It happened just from waiting for the good behaviors, and focusing only on those. When putting energy into positive results, the negative ones fell away.

It occurred to me that maybe I could apply this theory to all things in life.

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Murder on the Intrepid

Over the course of the past several weeks I have learned a couple of things about myself.

  1. I crave violence in entertainment.
  2. I like things to stay the same, and if they work, I don’t get tired of them.

I use the term “violence” loosely when it comes to entertainment. What I might really mean is, “action.”

My play, “Murder on the Intrepid” is a comedy/murder mystery, set up as a dinner theatre. The show takes place on a cruise ship, whose characters are a cross between Star Trek and The Love Boat. The show first staged by the Brighton Players about ten years ago. The cast centers around a couple enjoying their 40th wedding anniversary. I named them Sam and Donna Ledy, as an inside joke to my parents, because the Ledys were their best friends and I was sure my folks would attend the stage premier of one of my plays. Unfortunately, they didn’t make it.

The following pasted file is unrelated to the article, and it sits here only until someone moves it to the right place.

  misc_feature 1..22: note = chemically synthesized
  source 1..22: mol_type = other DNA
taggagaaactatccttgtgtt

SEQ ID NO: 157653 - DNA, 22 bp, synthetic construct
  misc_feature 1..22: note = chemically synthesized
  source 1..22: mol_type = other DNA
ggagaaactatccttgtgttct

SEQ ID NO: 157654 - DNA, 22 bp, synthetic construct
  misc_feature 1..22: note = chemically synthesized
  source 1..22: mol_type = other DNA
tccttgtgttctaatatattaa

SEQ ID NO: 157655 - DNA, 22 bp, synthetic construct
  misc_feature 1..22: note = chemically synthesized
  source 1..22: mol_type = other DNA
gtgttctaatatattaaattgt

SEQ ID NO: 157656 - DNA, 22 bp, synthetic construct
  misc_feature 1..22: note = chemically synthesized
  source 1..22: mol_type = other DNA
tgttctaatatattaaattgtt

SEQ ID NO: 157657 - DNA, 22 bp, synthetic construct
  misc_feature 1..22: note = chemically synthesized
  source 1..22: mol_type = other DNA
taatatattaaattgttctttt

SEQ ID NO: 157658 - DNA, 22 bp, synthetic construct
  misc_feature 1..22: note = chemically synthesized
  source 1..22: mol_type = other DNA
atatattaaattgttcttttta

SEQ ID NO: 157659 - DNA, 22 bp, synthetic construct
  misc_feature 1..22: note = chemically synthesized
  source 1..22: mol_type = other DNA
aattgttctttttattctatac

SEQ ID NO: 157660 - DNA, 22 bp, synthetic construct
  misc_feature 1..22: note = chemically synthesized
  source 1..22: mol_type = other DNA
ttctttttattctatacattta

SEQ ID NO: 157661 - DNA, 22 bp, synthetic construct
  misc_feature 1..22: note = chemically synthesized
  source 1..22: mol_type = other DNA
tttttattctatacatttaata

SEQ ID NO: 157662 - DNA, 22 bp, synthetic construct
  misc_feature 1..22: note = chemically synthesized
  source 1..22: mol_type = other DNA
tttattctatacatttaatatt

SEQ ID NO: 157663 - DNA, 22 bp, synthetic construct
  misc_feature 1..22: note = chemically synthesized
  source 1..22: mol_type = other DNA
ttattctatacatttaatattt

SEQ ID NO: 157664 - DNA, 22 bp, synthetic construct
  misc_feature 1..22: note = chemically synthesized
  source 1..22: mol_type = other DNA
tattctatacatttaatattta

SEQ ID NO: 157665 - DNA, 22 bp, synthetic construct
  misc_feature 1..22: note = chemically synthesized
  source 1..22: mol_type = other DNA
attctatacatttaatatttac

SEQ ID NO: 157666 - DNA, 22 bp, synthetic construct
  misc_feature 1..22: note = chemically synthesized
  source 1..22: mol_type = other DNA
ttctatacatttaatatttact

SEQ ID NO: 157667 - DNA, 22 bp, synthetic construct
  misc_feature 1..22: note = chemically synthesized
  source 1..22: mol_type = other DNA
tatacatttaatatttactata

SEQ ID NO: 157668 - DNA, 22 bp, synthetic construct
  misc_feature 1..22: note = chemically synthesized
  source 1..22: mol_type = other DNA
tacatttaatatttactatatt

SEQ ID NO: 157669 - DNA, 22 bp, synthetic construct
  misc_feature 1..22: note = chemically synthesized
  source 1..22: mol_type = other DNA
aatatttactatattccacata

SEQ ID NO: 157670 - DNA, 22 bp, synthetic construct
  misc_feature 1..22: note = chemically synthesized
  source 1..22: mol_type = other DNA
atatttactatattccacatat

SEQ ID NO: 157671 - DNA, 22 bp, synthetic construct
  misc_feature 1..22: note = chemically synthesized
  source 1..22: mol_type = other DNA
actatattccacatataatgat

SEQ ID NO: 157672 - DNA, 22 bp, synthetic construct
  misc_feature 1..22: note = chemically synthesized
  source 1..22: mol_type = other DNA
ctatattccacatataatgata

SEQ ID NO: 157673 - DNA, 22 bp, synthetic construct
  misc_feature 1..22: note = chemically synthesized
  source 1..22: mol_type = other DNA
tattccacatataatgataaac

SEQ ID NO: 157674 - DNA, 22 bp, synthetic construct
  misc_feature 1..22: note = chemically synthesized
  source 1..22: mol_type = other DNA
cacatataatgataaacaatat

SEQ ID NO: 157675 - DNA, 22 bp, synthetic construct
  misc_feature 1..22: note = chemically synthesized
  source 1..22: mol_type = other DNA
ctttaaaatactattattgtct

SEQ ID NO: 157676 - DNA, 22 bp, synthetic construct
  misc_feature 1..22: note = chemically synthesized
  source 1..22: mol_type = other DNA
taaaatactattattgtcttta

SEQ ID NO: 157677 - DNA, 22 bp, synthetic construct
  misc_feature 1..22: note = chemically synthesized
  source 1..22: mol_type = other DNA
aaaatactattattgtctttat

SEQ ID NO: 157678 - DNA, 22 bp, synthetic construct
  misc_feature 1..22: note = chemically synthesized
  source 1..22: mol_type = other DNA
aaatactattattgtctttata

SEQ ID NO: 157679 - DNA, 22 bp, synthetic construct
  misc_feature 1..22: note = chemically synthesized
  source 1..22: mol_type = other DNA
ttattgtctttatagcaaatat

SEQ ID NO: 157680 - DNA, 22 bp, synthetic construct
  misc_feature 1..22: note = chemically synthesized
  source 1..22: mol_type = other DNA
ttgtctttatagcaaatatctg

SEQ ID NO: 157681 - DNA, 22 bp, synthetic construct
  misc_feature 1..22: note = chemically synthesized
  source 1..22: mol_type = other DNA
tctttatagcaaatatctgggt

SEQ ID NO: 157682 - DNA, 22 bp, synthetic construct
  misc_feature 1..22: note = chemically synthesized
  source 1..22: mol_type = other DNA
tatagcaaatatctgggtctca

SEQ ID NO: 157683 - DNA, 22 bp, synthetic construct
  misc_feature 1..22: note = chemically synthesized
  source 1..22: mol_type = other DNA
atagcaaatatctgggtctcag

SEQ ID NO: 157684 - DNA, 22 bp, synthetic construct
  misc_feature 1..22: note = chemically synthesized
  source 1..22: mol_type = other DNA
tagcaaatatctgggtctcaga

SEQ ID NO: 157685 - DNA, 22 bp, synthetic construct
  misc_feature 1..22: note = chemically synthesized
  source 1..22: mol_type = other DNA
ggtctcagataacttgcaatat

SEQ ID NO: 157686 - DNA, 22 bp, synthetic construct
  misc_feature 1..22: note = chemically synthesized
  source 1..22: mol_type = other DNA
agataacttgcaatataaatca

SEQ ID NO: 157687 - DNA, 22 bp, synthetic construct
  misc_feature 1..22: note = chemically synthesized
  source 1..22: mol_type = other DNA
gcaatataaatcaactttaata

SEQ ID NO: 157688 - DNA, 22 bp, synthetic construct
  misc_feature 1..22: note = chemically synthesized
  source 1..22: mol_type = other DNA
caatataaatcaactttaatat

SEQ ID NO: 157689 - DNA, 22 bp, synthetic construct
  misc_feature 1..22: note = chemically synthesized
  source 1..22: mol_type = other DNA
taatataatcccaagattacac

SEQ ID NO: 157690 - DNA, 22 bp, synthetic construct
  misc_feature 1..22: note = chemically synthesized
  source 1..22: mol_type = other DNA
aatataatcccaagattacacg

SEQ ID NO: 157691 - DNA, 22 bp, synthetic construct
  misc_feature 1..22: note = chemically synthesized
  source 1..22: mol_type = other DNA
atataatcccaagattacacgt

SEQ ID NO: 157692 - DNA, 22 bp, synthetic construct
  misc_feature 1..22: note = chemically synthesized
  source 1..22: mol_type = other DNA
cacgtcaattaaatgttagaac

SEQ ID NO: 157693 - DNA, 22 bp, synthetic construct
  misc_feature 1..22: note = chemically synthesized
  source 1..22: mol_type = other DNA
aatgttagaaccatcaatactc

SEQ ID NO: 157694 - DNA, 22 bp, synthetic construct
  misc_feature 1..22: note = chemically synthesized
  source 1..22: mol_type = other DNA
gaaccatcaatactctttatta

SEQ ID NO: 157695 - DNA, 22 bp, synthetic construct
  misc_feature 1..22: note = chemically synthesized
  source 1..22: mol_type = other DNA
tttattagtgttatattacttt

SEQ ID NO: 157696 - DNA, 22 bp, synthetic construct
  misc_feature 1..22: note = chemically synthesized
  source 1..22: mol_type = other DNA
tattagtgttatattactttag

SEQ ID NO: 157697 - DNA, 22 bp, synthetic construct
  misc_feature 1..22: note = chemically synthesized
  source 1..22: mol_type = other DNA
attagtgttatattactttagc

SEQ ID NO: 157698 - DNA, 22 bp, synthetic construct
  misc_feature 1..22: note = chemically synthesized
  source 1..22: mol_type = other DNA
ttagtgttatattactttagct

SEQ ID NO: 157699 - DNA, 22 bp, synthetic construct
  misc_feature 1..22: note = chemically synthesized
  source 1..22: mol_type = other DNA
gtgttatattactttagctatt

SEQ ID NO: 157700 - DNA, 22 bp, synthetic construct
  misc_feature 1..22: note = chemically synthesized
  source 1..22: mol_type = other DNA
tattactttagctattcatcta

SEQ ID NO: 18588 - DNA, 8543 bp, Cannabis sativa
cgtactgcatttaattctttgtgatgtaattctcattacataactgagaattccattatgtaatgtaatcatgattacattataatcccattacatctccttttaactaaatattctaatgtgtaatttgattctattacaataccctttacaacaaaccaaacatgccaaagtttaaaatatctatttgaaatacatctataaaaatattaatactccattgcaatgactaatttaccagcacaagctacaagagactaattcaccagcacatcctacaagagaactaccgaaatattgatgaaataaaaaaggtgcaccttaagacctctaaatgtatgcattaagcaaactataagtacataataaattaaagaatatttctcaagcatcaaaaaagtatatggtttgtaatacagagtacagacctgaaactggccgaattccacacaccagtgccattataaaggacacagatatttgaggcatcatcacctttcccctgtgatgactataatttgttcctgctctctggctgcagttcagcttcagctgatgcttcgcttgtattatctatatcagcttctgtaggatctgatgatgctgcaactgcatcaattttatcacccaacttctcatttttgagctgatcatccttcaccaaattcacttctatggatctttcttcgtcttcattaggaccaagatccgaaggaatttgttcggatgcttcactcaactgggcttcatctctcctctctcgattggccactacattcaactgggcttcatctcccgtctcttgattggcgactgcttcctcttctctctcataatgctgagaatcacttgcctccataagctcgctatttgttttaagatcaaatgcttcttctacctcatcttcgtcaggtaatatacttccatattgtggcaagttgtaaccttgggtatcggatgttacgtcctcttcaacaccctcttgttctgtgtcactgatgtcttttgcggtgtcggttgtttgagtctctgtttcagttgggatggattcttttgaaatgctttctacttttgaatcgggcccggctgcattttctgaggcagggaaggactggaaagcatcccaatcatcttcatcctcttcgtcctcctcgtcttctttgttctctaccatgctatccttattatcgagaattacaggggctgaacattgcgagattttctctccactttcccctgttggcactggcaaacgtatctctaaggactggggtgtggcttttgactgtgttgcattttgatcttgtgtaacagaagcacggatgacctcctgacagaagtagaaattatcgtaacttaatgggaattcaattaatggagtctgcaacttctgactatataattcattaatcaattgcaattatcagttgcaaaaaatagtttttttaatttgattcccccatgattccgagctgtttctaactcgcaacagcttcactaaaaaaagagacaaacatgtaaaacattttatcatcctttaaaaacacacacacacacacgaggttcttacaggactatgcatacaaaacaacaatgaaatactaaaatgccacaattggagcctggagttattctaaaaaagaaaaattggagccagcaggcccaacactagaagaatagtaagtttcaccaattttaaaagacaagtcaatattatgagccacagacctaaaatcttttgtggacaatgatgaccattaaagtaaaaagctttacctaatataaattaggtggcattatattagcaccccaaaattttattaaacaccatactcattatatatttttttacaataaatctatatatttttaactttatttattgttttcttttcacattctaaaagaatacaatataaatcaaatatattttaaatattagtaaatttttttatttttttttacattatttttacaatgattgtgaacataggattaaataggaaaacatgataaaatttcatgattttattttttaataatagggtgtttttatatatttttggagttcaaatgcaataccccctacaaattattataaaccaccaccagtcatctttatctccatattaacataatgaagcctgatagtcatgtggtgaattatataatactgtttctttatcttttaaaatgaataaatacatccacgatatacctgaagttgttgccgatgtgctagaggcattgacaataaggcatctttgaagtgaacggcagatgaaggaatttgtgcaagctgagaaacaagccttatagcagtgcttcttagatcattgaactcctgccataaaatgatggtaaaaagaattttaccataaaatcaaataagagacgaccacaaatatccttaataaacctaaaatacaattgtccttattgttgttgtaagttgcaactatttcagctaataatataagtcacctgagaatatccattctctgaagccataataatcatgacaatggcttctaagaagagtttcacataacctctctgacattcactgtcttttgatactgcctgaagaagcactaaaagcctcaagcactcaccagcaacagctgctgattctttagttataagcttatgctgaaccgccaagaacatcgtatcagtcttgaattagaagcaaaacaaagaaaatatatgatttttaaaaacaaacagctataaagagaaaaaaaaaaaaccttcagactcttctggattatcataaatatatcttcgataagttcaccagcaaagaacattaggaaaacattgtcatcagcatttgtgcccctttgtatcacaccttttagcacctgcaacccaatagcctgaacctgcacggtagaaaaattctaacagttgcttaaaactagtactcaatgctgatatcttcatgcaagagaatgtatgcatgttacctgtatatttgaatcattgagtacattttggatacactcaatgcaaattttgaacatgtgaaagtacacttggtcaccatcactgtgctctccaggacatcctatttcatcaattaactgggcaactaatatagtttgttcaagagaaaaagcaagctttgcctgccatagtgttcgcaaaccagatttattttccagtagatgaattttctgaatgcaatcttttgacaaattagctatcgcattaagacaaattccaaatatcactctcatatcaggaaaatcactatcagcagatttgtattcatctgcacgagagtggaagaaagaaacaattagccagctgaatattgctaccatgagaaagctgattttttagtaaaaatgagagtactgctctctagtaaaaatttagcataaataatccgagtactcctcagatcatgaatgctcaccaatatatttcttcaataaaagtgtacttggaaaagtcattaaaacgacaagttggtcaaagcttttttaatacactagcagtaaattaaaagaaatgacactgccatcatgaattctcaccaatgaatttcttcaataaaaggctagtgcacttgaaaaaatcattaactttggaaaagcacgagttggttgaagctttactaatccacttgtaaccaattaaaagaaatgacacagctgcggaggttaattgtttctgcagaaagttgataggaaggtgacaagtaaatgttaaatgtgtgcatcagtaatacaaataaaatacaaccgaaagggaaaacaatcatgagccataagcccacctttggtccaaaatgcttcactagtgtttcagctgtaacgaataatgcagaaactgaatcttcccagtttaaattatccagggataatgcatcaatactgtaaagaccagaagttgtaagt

However, my sister Amanda did. She was righteously offended by my characterization of Donna, because I wrote her as belligerent and unkind, the polar opposite of the real person. “Donna Ledy never acts that way!” Amanda hissed at me during rehearsal.

Anyway, in the show, Donna is mean to everyone and ends up getting offed. Unfortunately she has been so rude to all the other cast members that there is no immediate suspect. The cast includes, among others, Captain Kirk and a couple of goofy lounge singers named Sunny Delight and Chiquita Banana. And there are the Ledy’s adult children, Scotty, and Cindy, the seasick daughter who wears an orange life vest in every scene.